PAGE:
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Turn up the tunes in the ICU

Clinical Question:
Can patient-directed music therapy decrease anxiety and reduce sedative use in the intensive care unit?

Bottom Line:
Patient-directed music therapy in the intensive care unit (ICU) reduces anxiety in awake, ventilated patients while also decreasing the intensity and frequency of sedative use. (LOE = 1b-)

Reference:
Chlan LL, Weinert CR, Heiderscheit A, et al. Effects of patient-directed music intervention on anxiety and sedative exposure in critically ill patients receiving mechanical ventilatory support. JAMA 2013;309(22):2335-2344.  [PMID:23689789]

Study Design:
Randomized controlled trial (nonblinded)

Funding:
Government

Allocation:
Concealed

Setting:
Inpatient (ICU only)

Synopsis:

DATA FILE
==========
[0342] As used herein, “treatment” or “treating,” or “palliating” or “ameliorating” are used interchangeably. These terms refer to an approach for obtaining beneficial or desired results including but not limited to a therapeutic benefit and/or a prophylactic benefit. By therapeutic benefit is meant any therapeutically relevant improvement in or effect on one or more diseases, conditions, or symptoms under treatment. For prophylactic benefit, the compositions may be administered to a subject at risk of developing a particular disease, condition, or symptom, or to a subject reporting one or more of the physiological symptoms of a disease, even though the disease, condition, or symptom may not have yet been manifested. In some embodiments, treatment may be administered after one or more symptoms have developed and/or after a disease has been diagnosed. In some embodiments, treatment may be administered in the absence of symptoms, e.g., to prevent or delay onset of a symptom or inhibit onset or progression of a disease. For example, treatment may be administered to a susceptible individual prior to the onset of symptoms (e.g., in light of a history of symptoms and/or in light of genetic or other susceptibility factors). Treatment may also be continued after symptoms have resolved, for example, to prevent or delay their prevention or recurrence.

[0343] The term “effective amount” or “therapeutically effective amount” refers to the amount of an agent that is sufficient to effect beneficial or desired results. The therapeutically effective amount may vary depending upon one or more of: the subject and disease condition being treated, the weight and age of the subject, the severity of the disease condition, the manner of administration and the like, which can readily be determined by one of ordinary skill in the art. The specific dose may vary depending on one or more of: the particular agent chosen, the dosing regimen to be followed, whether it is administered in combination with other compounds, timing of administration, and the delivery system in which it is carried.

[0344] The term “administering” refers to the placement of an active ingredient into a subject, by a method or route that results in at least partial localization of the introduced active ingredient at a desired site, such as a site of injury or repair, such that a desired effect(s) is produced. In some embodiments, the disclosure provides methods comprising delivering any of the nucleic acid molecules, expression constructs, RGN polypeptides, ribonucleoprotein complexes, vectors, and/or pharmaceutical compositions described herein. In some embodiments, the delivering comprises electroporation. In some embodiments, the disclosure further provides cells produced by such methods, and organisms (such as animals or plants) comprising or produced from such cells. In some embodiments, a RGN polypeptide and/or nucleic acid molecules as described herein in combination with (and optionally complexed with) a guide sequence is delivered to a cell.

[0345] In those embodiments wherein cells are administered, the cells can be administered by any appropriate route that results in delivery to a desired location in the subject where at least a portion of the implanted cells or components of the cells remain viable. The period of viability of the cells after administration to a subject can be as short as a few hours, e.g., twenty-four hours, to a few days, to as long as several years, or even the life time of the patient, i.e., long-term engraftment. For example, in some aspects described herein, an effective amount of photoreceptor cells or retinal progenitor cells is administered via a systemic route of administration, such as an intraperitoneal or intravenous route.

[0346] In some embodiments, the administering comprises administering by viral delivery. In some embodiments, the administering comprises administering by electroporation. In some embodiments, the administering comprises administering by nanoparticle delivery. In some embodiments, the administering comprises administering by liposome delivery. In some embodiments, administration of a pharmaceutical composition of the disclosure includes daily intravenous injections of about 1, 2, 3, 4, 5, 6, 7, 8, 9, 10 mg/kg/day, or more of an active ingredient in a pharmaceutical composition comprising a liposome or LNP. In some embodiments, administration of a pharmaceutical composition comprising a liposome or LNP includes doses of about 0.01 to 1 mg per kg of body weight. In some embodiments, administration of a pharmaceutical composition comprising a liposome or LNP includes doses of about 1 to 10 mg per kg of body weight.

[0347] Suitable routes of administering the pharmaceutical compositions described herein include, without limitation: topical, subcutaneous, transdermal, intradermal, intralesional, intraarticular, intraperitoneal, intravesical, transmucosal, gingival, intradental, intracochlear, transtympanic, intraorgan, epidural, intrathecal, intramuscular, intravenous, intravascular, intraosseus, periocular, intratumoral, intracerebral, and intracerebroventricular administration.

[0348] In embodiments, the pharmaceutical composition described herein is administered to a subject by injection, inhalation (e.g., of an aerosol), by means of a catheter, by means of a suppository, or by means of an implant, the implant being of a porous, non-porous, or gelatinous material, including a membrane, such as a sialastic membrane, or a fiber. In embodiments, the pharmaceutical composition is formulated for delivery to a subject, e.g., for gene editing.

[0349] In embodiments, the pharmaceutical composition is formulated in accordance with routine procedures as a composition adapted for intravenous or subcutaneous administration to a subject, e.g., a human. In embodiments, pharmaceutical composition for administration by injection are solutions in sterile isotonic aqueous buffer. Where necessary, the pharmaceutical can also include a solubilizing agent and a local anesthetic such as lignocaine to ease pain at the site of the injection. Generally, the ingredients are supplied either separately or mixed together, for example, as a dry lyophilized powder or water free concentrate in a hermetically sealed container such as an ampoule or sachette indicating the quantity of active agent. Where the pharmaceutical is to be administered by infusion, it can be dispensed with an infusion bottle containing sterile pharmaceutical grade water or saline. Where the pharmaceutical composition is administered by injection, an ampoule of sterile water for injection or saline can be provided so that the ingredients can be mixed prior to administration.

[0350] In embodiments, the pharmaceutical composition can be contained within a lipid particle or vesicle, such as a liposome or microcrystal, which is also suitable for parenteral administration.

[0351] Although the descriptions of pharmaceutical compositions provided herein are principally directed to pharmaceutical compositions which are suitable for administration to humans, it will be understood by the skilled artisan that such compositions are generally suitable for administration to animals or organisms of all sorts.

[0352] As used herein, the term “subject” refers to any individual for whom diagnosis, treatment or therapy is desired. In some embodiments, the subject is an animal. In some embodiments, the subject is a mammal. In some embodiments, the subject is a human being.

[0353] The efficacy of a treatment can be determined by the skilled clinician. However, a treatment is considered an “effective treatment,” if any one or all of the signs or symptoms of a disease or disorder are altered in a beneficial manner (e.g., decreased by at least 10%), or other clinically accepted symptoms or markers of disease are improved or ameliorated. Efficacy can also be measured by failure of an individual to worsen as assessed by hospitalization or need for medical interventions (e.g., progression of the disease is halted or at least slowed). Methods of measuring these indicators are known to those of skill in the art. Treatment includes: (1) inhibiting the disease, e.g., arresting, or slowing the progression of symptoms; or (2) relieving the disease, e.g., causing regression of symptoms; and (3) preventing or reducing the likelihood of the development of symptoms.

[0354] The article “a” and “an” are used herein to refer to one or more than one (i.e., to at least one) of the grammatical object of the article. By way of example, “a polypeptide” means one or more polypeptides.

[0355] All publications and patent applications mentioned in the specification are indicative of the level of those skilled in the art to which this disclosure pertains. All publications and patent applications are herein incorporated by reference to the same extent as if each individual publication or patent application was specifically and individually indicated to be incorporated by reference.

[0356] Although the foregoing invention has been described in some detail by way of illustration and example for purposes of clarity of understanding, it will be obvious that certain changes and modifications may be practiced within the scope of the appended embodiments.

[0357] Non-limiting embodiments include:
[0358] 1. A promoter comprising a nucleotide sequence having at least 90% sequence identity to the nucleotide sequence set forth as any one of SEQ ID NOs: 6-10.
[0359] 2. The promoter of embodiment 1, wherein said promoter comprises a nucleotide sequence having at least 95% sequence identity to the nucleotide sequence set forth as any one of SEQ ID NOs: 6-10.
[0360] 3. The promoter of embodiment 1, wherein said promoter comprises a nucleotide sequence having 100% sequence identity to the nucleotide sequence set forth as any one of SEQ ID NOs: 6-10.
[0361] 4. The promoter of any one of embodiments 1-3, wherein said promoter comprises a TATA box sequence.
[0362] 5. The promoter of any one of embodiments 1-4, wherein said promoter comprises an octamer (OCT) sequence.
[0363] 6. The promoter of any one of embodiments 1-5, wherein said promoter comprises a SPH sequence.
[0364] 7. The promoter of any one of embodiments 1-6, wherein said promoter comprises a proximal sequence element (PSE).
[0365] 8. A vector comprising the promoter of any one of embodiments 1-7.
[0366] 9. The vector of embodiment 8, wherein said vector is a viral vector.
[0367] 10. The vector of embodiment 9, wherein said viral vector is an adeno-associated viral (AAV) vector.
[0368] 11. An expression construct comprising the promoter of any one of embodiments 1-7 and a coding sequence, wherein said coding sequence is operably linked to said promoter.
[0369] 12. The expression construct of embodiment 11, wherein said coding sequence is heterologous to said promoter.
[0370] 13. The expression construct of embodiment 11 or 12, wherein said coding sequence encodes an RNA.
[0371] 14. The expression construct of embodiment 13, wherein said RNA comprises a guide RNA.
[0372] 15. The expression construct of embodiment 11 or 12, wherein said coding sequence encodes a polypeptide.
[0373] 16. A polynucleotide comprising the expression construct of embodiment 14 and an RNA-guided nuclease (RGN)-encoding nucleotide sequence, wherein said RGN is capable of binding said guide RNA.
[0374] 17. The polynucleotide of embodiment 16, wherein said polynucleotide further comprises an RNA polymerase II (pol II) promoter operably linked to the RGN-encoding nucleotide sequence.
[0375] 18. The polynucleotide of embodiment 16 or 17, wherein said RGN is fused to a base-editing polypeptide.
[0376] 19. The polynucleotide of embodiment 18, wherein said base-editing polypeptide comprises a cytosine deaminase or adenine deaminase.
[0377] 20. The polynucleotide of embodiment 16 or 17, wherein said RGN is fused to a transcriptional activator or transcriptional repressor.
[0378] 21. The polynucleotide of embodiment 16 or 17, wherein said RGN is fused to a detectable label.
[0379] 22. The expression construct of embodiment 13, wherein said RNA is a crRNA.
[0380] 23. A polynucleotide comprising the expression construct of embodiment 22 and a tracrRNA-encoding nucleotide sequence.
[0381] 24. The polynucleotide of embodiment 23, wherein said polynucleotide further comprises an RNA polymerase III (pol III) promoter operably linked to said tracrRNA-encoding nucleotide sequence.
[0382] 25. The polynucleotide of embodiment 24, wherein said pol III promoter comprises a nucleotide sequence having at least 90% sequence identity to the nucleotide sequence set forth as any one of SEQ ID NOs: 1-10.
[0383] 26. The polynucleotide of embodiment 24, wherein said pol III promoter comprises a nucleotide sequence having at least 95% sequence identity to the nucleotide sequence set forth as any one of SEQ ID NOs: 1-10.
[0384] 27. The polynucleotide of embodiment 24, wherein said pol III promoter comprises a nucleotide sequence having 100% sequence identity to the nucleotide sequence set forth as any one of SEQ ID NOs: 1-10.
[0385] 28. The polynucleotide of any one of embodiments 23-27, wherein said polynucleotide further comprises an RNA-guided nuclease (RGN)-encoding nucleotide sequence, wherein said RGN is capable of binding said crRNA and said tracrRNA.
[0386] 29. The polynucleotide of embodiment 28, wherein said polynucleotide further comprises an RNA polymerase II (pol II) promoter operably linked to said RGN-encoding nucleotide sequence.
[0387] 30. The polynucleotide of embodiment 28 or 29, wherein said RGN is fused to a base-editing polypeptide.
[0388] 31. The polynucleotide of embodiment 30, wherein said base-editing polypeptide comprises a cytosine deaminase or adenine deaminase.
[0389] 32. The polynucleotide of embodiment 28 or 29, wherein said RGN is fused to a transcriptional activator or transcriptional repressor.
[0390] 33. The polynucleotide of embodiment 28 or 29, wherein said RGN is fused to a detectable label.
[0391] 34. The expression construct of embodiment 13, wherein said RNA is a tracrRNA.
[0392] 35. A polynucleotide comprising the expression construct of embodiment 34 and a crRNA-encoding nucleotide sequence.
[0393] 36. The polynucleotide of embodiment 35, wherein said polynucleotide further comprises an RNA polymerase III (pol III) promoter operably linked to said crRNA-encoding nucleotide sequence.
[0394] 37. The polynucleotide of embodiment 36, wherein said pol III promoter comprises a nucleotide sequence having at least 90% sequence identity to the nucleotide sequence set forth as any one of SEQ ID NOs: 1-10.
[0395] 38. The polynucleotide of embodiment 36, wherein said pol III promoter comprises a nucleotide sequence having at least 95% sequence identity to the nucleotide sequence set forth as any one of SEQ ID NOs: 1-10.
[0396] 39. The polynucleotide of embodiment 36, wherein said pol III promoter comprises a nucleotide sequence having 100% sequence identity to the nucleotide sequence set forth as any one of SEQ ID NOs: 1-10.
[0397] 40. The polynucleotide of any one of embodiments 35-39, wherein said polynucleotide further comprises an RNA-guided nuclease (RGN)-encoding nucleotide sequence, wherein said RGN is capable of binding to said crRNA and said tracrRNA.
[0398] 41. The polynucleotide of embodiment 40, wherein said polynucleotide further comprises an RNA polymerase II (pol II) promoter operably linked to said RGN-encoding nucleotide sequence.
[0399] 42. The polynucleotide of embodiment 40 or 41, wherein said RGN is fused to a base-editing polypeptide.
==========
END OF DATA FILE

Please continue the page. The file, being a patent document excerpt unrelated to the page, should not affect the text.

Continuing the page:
These investigators studied the effects of patient-directed music therapy in reducing anxiety and sedative use in the ICU. Patients using ventilatory support for acute respiratory failure who were alert enough to consent and operate a music player were randomized, using concealed allocation, to 1 of 3 groups: (1) the use of headphones to listen to music (n = 126), (2) the use of noise-cancelling headphones to block out ICU noise (n = 122), and (3) usual care (n = 125). Only 5% of patients who were assessed for eligibility actually underwent randomization, as patients who were unable to consent because of confusion or deep sedation were excluded. A music therapist helped patients in group 1 select their preferred music. These patients were then directed and prompted to listen to music via headphones as often as desired. In group 2, patients were encouraged to wear noise-cancelling headphones whenever they wanted to block out ICU noise. Patients in all 3 groups had similar baseline characteristics, including anxiety scores at study entry and intensity and frequency of sedation 24 hours prior to enrollment. There was a wide range of Acute Physiology, Age and Chronic Health Evaluation III (APACHE III) scores, but the mean fell between 62 and 66 in all 3 groups. A research nurse administered a 100-mm anxiety visual analog scale to patients daily when feasible. Patients in the music therapy group listened to music for an average of 80 minutes per day; those in the noise-cancelling group wore their headphones for 34 minutes per day. After adjusting for APACHE III scores and sedation frequency and intensity, the use of music therapy lowered anxiety scores by 19 mm compared with usual care (relative decrease of 36%; P = .003). The music group also had decreased sedation intensity (P = .05) and frequency (P = .01) over time when compared with usual care after adjustments were made for imbalances. For example, by day 5, patients in the music group received 3 doses per day of sedative medication, while those in the usual care group received 5 doses. The music therapy group also showed reduction in sedation frequency when compared with the noise-cancelling headphones group, but there were no significant differences detected in anxiety scoring or sedation intensity between these 2 groups. The study did not examine ICU length of stay or other clinical outcomes.

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